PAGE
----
Why I'm not a Fan of Retractable Leashes

Do you use a fixed-length leash or a retractable leash? There is a reason Bullett is currently attached to the fixed-length here (also our neighborhood is not aesthetically pleasing right now)

Do you use a fixed-length leash or a retractable leash? There is a reason Bullett is currently attached to the fixed-length here (also our neighborhood is not aesthetically pleasing right now)

If you’re a dog owner on the internet that spends any time in dog or pet-related groups on sites like Facebook or Reddit, then you know that retractable leashes--also known as flexi leads--are a hot topic.

I’ll get right to it and mention that my opinions about this are not in favor of retractable leashes. I’m not a pet professional, veterinarian, or dog trainer, but I can offer my perspective and opinion as an average pet owner. Here are a few reasons why I personally do not think retractable leashes are a good idea:

  1. No leash awareness: Because of the adjustable length of these leashes, the dog may feel as though it is connected to nothing and has no awareness that he is on a lead. Sure, you can lock them and have a fixed length, but I’m guessing the appeal to these leashes is that the length can vary as the dog walks. It’s smart to train your dog to be off leash in places like the dog park where they can have more freedom, but the point of a leash is to control your dog and keep them close. If your dog feels like they have freedom everytime they are outside, they are more likely to not listen to your commands because they associate being off leash with fewer commands from you. If your dog knows the difference between being on and off leash, you will see better behavioral results overall, especially when on a lead. If your dog is a puller, this leash will do nothing but encourage that behavior because they have no idea that they’re attached to that annoying plastic box you’re holding in your hand.

  2. You’ll have less control over your dog, because the leash can vary in length and you’re holding this clunky, plastic box. Let’s say your dog sees another dog and gets way too excited, and you need to get control of him. To do this with a retractable leash you need to cut the slack, lock it, and get a strong grip on the lead. With a regular leash, you already have a fixed length and your hand is already in contact with it. If getting control over your dog requires quick reaction time, then it seems likely that you can maintain control quicker with a regular leash. In addition, retractable leashes can get really long. If your dog is way far ahead and more or less out-of-sight and out-of-mind, you cannot control him from a distance like that. Especially if they cross paths with another dog or person before you’re able to pull him from that situation. Some of these leashes are as long as 20 feet...why would you ever want your dog further away than 20 feet while walking? A 20 foot lead is only good when your dog is tied out in a yard without a fence (and of course, you are supervising them).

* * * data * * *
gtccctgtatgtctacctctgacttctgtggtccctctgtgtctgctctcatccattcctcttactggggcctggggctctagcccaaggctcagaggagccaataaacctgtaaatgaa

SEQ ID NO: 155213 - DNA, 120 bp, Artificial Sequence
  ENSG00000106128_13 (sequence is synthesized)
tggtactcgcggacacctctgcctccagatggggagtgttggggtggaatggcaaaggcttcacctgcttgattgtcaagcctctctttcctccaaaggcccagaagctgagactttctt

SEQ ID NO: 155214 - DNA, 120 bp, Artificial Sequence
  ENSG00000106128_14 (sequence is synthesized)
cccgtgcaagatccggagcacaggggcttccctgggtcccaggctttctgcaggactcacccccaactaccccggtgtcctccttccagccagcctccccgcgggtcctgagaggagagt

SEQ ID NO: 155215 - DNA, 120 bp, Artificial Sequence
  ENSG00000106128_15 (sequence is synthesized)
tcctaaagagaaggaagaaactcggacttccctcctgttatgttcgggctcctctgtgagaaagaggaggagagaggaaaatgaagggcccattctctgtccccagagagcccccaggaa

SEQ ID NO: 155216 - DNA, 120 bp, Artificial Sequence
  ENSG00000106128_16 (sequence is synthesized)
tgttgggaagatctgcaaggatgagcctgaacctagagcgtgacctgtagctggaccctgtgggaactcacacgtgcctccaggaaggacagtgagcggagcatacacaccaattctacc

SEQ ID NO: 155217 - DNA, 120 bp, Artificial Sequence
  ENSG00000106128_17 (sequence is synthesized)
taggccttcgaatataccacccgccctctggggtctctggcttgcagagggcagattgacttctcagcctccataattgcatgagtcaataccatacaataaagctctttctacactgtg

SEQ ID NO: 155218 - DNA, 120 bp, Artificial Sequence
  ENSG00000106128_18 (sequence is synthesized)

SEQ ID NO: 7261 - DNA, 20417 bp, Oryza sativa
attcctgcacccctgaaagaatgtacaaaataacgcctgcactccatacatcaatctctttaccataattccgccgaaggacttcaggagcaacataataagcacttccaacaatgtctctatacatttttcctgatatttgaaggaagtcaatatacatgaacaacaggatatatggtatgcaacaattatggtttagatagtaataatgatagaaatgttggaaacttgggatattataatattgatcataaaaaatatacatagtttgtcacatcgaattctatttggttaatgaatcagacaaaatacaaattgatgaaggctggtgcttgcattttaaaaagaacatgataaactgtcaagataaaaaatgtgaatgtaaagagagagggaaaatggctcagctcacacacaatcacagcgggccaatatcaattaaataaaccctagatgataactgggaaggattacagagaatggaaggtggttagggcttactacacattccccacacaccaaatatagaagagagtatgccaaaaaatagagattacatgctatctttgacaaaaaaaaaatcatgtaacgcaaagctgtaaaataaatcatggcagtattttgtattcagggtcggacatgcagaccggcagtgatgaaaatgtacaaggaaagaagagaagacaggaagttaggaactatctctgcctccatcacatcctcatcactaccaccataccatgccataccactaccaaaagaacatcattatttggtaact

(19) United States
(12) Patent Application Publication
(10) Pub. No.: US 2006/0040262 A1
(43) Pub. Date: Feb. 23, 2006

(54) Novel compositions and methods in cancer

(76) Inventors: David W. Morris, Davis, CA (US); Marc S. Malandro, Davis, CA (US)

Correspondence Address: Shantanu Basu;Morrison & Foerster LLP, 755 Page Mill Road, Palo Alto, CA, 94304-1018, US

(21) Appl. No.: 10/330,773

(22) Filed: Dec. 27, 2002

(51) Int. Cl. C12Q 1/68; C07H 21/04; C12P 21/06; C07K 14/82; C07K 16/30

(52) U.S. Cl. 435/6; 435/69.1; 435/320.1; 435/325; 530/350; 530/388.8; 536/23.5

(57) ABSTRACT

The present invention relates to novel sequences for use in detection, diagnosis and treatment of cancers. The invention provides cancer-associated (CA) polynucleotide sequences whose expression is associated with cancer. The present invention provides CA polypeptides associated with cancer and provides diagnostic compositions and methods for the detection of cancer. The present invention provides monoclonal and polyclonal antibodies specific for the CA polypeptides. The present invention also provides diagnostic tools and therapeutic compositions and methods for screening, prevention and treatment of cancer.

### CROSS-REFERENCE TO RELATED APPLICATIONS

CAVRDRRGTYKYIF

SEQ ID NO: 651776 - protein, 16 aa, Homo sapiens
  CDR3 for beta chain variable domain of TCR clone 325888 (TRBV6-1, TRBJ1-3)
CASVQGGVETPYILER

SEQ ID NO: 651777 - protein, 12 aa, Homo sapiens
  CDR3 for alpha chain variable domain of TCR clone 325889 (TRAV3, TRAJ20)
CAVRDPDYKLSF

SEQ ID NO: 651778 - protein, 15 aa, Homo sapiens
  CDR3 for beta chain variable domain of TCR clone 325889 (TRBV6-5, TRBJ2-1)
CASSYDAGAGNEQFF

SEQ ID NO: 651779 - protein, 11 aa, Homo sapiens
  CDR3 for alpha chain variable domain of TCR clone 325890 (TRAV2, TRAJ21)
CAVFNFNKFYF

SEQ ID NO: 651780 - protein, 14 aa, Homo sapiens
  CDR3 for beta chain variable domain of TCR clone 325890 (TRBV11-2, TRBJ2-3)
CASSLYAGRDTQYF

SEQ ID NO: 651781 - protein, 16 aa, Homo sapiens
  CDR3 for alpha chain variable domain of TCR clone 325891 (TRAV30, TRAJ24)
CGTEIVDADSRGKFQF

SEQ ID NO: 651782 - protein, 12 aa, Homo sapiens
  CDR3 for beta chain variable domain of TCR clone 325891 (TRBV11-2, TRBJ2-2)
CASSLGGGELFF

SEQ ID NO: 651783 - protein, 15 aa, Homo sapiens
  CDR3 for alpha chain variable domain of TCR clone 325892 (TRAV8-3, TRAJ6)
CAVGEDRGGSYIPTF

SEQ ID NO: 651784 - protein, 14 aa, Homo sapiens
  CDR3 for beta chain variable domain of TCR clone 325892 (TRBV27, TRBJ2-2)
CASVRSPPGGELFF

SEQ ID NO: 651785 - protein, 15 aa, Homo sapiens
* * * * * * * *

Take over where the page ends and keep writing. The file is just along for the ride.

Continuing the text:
3. They can be dangerous: Here’s a scenario I hope none of you ever deal with. Let’s say you take your dog for a walk as you do, and he sees a rabbit that runs into the street. What do you think most dogs would do? Of course, they would run towards the rabbit and into the street...and they could cross paths with a car that could kill them. If your dog is on a retractable leash with no slack, this can happen quicker than you can recover your dog from the situation. No one wants to lose their dog that way. If your dog is in that situation and your leash is a regular leash with a fixed length, you already have control of your dog and can quickly pull them towards you without fidgeting with the other functions on a flexi lead. Not to mention, that these leashes are known for breaking. If your dog lunges with all his strength at things, the leash will experience regular wear and tear and can snap and break from the box. See how that might be problematic and potentially dangerous? Your fancy retractable leash isn’t worth your dog getting into bad situations where you lose control.

If you have a dog that is high-strung, prey-driven, and/or reactive towards other dogs, your dog should especially not be on this leash. Really though, no dog’s training will be so amazing that their good behavior warrants using a retractable leash. Dogs are animals and you never know what may provoke or spook them. Keep other dogs, humans, animals, your dog, and yourself safe and under control.

Check out this video where a retractable leash goes wrong. The dog is okay, but it could have not been okay:

I use a handmade cotton rope leash with Bullett. They’re strong, washable, and don’t cause rope burn as the material you’re gripping is very soft. You can find many leashes like this in Etsy shops such as RugersRopes. Not to mention, the hand-dyed ombre is beautiful. Bullett is definitely a strong dog that has a tendency to pull, and I know that I have a good hold of him when using our leash. There isn’t a day where he doesn’t get excited and doesn’t try running towards another dog or rabbit. When we go hiking, we clip this to his harness in case he would slip on a steep hillside because we know we have a secure hold on him and are able to pull him to safety.

Bullett on a walk with our cotton rope lead. He doesn't like being still for pictures :-p

Bullett on a walk with our cotton rope lead. He doesn't like being still for pictures :-p

I’m not trying to cause arguments and be on Team Regular Leash vs Team Flexi Leash...why risk putting your dog or others in an unsafe situation because of how cool and convenient your leash is?


~The Girl in the Unicorn Pajamas

PS: If I can’t convince you, perhaps Drew Lynch and Stella can: